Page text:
DeNA: 'World of Demons couldn't be done if it wasn't with Platinum'


Hoping to break down preconceived notions

PlatinumGames’ first ever mobile game, World of Demons, was just revealed. (Well, its first mobile game outside of the Japan-only RPG Lost Order.) Both the developer and publisher DeNA have one clear goal with this project: To make this feel like a trademark Platinum action game despite it being on touch controls.

In an interview with DeNA producer Andrew Szymanski, he explains to us how he sort of headhunted Platinum. “I don’t believe there’s another developer on earth who can do this style of action game,” Szymanski tells us. He continues: “Their name being in the credits and their logo being on the startup screen, do I think that will have some impact? Sure. There’s a userbase that likes [Platinum’s] work. But it’s really important that this game stands on its own as a concept. I see the benefit of the collaboration and what they can bring to the table in terms of their development prowess. It’s not just about a studio name to me. This game wouldn’t exist without Platinum. This game couldn’t be done if it wasn’t with Platinum.”

It hasn’t been easy, though. The challenges go beyond getting this Platinum type of action on touch devices. Although the on-screen combat is what will catch everyone’s eye, there’s a guiding principle that Platinum and DeNA are following in order to shape the core ofWorld of Demons: Everything has to be in service of the action.

Szymanski elaborates: “One of the biggest hurdles was how to take this core action that’s fluid and responsive and meld that with these RPG-style mechanics with leveling up and improving your equipment. We definitely provided some assistance and some advice in that direction, but ultimately it was about making sure everything was in service of the action. That none of the systems and meta-game were there just for the purposes of having bigger numbers or something like that. Every time you increase your minions’ level to a certain point or level up your weapon, you’re getting new abilities that you can use in the action. It’s all feeding back into what’s happening in that moment to moment gameplay. That was something that was really important and that’s why I think this collaboration has worked well.”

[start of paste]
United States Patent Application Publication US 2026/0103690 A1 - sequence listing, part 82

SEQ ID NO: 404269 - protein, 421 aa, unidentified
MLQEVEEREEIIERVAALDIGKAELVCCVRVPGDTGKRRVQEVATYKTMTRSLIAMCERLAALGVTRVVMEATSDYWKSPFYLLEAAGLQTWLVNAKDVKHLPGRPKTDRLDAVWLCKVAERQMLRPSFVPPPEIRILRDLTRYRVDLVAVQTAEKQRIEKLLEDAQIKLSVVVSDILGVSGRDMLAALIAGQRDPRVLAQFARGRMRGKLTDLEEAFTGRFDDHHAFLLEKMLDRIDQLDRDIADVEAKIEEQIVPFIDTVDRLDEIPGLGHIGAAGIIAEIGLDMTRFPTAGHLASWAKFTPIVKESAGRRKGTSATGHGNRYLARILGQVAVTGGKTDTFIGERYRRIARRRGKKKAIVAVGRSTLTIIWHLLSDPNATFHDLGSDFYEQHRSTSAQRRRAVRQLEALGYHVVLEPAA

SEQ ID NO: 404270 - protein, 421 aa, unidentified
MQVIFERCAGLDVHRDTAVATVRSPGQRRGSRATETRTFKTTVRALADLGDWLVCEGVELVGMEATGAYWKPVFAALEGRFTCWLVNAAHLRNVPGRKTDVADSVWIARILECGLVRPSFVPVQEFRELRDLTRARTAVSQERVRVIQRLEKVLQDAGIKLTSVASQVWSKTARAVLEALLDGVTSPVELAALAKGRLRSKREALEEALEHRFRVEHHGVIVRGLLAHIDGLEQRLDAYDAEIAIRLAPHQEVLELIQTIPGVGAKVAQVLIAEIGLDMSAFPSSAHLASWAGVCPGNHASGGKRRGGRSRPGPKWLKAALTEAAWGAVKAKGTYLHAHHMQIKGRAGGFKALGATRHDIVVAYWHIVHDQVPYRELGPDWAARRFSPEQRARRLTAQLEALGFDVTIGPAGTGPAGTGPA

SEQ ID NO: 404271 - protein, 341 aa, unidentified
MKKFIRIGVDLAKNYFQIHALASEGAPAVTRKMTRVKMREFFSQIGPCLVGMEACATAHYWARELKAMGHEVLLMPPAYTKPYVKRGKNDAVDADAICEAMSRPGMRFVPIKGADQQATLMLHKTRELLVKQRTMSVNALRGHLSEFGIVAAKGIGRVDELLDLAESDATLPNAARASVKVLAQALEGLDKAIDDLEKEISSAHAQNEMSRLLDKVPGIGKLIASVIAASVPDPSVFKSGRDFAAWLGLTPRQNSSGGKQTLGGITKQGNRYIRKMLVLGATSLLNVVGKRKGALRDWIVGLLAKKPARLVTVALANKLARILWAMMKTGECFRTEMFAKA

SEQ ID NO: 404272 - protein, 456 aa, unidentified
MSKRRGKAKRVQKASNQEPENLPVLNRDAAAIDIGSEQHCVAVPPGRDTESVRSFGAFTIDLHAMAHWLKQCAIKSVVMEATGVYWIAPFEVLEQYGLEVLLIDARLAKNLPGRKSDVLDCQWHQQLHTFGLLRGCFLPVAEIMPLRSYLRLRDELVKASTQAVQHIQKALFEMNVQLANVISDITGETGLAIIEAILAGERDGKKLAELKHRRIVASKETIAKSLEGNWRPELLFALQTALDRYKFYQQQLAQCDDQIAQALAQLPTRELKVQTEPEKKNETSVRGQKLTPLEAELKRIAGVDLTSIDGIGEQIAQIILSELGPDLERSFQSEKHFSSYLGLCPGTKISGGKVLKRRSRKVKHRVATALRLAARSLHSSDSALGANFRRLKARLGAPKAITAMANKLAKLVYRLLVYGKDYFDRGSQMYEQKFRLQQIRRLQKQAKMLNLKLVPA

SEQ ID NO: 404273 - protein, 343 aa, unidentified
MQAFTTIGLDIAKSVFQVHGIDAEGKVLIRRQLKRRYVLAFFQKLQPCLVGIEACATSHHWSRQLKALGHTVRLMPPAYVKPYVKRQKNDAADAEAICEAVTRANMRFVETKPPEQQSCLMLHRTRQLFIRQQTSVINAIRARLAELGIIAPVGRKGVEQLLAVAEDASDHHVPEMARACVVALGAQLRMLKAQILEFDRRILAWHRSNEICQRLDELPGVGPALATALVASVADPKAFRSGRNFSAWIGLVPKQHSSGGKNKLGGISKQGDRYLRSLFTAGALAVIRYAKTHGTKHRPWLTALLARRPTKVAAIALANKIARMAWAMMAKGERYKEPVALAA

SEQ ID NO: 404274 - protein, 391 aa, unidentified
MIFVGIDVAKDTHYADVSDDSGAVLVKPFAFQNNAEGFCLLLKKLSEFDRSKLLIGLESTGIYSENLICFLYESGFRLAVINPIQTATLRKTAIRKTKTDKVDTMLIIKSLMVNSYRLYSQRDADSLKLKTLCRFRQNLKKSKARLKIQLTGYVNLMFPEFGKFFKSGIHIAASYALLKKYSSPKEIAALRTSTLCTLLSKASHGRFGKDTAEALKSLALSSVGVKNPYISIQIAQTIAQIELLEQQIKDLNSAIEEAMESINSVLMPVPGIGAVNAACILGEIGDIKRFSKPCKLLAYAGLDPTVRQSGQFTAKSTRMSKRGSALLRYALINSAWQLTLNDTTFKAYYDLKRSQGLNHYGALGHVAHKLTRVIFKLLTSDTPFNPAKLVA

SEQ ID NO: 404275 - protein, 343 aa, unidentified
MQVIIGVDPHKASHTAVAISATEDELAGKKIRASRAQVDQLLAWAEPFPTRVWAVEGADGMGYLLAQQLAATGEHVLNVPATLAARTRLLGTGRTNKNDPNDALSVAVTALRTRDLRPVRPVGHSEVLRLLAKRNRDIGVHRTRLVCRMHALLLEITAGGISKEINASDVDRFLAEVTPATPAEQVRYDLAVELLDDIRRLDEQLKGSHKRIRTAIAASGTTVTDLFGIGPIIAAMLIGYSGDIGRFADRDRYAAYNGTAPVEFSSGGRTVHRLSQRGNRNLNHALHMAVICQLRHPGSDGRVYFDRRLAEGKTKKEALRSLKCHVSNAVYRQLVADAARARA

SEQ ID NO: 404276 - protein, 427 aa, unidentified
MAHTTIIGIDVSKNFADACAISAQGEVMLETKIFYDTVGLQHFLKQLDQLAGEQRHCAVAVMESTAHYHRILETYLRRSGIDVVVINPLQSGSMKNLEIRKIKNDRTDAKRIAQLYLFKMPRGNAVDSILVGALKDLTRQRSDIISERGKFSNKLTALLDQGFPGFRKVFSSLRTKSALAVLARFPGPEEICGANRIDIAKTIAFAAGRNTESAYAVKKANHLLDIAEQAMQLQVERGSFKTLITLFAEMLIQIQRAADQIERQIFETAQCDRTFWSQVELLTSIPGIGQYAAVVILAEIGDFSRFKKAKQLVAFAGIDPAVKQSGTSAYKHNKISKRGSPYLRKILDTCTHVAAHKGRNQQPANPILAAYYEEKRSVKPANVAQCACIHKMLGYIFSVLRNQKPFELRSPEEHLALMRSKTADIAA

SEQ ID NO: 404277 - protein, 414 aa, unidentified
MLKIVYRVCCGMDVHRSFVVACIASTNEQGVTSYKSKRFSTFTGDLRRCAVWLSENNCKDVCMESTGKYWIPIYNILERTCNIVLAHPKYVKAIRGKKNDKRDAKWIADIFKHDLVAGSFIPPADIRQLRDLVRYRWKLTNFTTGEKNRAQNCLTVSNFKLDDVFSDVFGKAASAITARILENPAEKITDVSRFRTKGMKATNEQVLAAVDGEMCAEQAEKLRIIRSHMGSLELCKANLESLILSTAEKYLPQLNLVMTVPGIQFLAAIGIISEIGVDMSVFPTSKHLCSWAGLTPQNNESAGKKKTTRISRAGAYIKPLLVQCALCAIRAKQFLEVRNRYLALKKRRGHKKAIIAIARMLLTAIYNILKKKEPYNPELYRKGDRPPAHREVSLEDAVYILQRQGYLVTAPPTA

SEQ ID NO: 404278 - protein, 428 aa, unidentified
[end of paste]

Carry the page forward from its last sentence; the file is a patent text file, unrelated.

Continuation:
Another big hurdle, as DeNA certainly is well-aware, is how to overcome the mindset in western markets that free-to-play games usually aren’t worth the player’s time. Szymanski says “I am aware of the stigma, but I wouldn’t say I’m worried about it. One of the reasons that we started this project and that I felt passionate about wanting to do a title like this was to go against that stigma — to go against expectations and what people think is possible with a mobile game.”

Szymanski continues “My hope is that when people play the game, they’ll see the preconceived notion about mobile games, particularly in western markets, will be overturned in the sense that somebody’s come and made something that goes against that stigma. I won’t say that we can reverse that perception overnight, but hopefully this can be first in a salvo of a style of game that has no compromises. That doesn’t have to have the suffix of ‘It’s good…for a mobile game.’ It should be good just as a game by itself and that’s what we strove for.”

If those tides are going to turn, this is as good of a combination as any to get the momentum started. Platinum has its reputation as one of the best action game developers for good reason; DeNA has deep pockets thanks to nearly two decades of savvy business moves. As Szymanski says, the two “[want to] show what’s possible when a company like DeNA works with a company like Platinum to create something along these lines. There’s a lot of different products and players out there, but I feel like this is something that was lacking and that there’s an audience out there that will welcome this type of game.”

Szymanski sounds confident, but time will tell how audiences will react even if Platinum’s pedigree is attached to the project. All Platinum and DeNA can do is release a quality game and see how the market reacts. Syzmanski says “It’s sort of an ‘if you build it, they will come’ mentality in my mind. Focus on the product and make sure it’s the absolute best, get that out there, and compromise as little as possible. Platinum has done an amazing job in fulfilling that.”

[Disclosure: Travel and accommodations were provided by the publisher.]